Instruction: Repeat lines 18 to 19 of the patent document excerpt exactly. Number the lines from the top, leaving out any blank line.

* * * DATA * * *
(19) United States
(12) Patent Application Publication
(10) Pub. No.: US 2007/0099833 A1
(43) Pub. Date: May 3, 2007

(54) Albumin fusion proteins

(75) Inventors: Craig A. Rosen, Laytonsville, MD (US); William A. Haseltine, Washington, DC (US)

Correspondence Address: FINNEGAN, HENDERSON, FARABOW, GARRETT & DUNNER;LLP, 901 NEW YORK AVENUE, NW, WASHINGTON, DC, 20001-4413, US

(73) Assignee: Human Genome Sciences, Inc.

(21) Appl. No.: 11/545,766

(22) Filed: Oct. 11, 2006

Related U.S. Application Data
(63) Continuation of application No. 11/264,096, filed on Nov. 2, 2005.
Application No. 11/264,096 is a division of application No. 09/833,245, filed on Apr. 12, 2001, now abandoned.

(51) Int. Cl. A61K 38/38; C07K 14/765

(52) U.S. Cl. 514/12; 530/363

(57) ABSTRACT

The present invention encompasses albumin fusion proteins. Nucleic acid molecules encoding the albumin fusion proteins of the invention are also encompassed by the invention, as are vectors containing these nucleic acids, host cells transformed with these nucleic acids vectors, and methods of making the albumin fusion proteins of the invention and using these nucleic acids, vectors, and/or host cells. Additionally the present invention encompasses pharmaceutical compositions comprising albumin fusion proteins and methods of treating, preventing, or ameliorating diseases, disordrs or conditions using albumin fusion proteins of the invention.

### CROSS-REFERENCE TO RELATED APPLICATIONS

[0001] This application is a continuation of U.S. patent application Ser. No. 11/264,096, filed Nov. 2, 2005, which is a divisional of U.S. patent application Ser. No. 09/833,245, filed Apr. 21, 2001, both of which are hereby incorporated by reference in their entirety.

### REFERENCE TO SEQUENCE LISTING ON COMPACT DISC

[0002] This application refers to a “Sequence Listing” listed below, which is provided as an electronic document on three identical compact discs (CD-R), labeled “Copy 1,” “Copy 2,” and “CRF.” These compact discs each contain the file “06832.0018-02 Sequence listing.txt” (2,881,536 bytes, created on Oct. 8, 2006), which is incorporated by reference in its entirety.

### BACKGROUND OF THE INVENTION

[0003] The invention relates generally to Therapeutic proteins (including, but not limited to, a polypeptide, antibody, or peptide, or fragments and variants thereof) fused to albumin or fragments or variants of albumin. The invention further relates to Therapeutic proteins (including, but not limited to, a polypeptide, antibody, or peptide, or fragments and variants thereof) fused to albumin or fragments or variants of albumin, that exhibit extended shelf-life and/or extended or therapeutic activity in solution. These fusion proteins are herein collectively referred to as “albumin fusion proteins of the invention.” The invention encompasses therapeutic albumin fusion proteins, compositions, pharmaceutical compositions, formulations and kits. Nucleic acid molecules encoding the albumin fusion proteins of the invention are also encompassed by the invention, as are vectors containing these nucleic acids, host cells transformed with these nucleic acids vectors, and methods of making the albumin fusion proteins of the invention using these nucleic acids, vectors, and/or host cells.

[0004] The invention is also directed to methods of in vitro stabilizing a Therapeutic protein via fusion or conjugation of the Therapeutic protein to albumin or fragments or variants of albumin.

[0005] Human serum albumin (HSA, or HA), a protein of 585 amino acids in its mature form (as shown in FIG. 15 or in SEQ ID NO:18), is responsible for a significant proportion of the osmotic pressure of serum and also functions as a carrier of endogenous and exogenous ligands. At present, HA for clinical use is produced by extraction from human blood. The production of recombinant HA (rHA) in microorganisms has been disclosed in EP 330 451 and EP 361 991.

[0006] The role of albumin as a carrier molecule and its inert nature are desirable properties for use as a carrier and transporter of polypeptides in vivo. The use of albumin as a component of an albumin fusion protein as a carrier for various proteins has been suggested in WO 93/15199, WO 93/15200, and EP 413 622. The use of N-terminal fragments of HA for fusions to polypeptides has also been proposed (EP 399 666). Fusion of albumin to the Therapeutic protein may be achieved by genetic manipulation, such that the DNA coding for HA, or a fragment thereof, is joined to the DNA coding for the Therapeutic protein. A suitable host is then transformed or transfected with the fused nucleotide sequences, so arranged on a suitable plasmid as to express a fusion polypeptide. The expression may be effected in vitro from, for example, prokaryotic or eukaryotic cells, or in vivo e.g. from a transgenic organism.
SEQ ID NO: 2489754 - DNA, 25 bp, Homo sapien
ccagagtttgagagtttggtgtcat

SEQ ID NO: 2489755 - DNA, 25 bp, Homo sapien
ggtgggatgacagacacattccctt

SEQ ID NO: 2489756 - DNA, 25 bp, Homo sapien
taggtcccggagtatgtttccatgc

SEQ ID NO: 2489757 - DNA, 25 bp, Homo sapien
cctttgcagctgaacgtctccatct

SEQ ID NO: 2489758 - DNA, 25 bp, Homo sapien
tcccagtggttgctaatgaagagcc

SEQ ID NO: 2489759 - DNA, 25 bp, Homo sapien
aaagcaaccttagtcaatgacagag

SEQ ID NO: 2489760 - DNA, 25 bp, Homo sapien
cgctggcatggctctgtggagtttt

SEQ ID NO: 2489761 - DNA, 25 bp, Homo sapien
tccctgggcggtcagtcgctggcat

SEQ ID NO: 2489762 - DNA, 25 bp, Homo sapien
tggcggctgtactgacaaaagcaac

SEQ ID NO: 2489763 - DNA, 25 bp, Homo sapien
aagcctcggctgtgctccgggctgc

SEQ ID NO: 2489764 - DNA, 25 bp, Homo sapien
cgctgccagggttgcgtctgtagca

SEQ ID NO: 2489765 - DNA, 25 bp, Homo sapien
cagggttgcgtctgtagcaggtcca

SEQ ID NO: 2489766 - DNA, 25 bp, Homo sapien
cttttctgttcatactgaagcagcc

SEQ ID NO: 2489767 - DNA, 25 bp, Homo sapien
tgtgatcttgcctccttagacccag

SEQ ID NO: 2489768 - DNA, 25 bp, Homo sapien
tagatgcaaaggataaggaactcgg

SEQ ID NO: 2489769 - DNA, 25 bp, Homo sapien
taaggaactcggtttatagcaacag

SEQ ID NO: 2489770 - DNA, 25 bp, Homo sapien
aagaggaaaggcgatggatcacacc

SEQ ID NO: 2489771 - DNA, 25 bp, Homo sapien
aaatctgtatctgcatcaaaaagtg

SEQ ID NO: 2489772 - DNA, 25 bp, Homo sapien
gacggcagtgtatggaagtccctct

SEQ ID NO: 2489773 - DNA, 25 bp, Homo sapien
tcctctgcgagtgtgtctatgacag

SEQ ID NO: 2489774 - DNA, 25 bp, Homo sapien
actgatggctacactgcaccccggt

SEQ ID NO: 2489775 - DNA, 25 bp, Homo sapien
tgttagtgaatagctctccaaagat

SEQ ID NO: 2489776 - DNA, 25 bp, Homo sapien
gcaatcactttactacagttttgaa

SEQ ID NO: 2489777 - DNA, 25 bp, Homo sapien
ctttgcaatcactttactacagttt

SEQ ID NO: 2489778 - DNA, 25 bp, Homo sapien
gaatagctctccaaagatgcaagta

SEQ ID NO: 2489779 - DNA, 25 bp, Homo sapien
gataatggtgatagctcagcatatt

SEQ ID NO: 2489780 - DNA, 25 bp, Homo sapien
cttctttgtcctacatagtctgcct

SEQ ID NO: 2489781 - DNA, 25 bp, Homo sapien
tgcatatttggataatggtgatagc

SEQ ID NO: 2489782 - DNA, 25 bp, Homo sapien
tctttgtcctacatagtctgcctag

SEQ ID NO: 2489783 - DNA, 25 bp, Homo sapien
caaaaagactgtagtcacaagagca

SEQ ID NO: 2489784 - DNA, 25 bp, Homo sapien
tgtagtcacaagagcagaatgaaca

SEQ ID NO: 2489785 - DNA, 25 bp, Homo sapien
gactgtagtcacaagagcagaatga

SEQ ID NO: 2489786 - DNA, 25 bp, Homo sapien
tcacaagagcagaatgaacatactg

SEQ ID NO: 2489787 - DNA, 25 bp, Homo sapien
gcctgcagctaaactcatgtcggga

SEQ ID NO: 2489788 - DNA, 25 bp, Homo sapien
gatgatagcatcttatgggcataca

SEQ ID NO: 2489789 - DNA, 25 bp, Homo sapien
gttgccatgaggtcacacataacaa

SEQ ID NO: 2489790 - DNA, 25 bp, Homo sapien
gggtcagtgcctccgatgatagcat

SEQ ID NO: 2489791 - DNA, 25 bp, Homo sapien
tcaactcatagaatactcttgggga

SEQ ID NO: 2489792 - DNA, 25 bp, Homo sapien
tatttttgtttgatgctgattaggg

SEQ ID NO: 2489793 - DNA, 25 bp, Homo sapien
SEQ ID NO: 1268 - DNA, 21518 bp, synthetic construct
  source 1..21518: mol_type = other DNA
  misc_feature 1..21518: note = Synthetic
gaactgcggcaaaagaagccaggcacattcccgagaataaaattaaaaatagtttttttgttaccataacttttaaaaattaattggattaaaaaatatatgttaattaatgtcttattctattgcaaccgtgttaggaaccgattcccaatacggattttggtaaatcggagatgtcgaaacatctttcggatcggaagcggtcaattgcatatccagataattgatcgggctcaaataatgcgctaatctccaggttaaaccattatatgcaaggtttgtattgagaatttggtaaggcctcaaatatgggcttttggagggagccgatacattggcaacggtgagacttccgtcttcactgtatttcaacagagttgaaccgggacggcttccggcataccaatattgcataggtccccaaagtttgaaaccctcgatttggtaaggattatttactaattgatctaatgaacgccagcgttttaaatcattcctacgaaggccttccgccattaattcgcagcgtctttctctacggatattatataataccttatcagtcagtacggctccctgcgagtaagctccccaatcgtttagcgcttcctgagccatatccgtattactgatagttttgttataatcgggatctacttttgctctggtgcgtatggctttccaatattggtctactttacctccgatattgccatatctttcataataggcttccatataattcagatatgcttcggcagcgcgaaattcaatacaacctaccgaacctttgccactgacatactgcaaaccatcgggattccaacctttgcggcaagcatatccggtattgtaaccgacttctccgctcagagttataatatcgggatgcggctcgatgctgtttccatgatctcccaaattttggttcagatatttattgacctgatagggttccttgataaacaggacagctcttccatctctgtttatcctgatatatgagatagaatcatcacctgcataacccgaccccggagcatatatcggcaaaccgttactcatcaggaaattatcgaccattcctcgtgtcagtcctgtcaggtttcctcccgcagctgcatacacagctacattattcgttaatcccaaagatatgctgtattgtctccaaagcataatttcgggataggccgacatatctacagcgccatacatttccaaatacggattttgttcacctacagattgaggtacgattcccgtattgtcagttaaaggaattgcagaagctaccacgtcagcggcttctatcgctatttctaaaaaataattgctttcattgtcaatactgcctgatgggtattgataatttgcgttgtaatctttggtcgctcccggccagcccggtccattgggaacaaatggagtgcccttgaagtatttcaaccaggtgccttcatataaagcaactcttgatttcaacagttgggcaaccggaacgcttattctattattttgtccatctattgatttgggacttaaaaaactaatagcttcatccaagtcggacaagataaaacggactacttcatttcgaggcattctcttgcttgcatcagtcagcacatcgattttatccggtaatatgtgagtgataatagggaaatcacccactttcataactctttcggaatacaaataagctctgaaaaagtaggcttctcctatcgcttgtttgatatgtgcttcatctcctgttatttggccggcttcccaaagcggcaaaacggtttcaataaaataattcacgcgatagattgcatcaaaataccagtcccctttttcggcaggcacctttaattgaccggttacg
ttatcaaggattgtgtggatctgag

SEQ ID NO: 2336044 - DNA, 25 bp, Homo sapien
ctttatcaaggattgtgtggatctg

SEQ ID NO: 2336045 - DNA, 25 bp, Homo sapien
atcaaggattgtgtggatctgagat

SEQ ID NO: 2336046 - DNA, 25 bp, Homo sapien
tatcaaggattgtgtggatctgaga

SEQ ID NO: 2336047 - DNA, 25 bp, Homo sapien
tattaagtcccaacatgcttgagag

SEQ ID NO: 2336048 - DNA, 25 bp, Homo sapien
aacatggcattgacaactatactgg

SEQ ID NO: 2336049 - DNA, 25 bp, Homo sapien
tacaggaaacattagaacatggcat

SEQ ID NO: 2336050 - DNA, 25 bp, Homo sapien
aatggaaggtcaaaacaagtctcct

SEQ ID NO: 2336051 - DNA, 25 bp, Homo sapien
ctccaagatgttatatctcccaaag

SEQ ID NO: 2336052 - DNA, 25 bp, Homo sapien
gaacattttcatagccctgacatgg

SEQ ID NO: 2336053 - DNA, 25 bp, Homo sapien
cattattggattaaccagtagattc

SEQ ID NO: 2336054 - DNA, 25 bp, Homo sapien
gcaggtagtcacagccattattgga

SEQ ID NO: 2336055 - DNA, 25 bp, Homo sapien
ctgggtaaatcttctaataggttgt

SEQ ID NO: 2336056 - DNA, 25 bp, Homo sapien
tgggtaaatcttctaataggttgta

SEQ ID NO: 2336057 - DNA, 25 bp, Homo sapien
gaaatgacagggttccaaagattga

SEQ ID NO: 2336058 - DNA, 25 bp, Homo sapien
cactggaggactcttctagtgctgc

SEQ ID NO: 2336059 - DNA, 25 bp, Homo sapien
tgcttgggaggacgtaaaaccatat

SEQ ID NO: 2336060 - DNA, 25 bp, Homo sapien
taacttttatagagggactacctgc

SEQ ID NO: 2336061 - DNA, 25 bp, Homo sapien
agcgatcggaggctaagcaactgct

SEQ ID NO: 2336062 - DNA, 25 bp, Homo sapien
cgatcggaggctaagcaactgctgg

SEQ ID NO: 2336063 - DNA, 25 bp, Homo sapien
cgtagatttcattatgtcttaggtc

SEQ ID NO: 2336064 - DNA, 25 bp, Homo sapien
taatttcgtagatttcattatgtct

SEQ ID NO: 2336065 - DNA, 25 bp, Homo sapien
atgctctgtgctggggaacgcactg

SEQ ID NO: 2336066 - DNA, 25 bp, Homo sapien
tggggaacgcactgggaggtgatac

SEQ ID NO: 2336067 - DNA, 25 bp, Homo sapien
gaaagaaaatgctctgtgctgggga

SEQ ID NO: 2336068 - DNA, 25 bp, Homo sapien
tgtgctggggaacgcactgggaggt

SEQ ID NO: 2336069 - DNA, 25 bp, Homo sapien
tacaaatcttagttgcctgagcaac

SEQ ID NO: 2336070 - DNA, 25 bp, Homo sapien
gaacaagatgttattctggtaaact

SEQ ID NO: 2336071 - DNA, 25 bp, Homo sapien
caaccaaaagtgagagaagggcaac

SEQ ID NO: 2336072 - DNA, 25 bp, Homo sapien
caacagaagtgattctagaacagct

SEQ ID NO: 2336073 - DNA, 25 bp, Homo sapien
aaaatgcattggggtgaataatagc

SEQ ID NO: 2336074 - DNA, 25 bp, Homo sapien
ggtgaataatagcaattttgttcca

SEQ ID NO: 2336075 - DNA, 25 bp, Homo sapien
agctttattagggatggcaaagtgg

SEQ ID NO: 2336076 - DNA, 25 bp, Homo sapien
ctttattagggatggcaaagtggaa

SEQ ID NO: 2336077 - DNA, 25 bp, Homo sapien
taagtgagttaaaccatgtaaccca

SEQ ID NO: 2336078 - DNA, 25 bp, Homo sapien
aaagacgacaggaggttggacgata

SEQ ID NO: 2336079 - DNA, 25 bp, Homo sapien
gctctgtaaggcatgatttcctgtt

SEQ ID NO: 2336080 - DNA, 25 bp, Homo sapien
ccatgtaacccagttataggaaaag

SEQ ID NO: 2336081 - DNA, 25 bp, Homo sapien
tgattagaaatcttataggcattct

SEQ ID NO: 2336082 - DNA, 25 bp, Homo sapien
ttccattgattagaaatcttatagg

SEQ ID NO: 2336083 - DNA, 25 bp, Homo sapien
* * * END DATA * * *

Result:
### CROSS-REFERENCE TO RELATED APPLICATIONS

[0001] This application is a continuation of U.S. patent application Ser. No. 11/264,096, filed Nov. 2, 2005, which is a divisional of U.S. patent application Ser. No. 09/833,245, filed Apr. 21, 2001, both of which are hereby incorporated by reference in their entirety.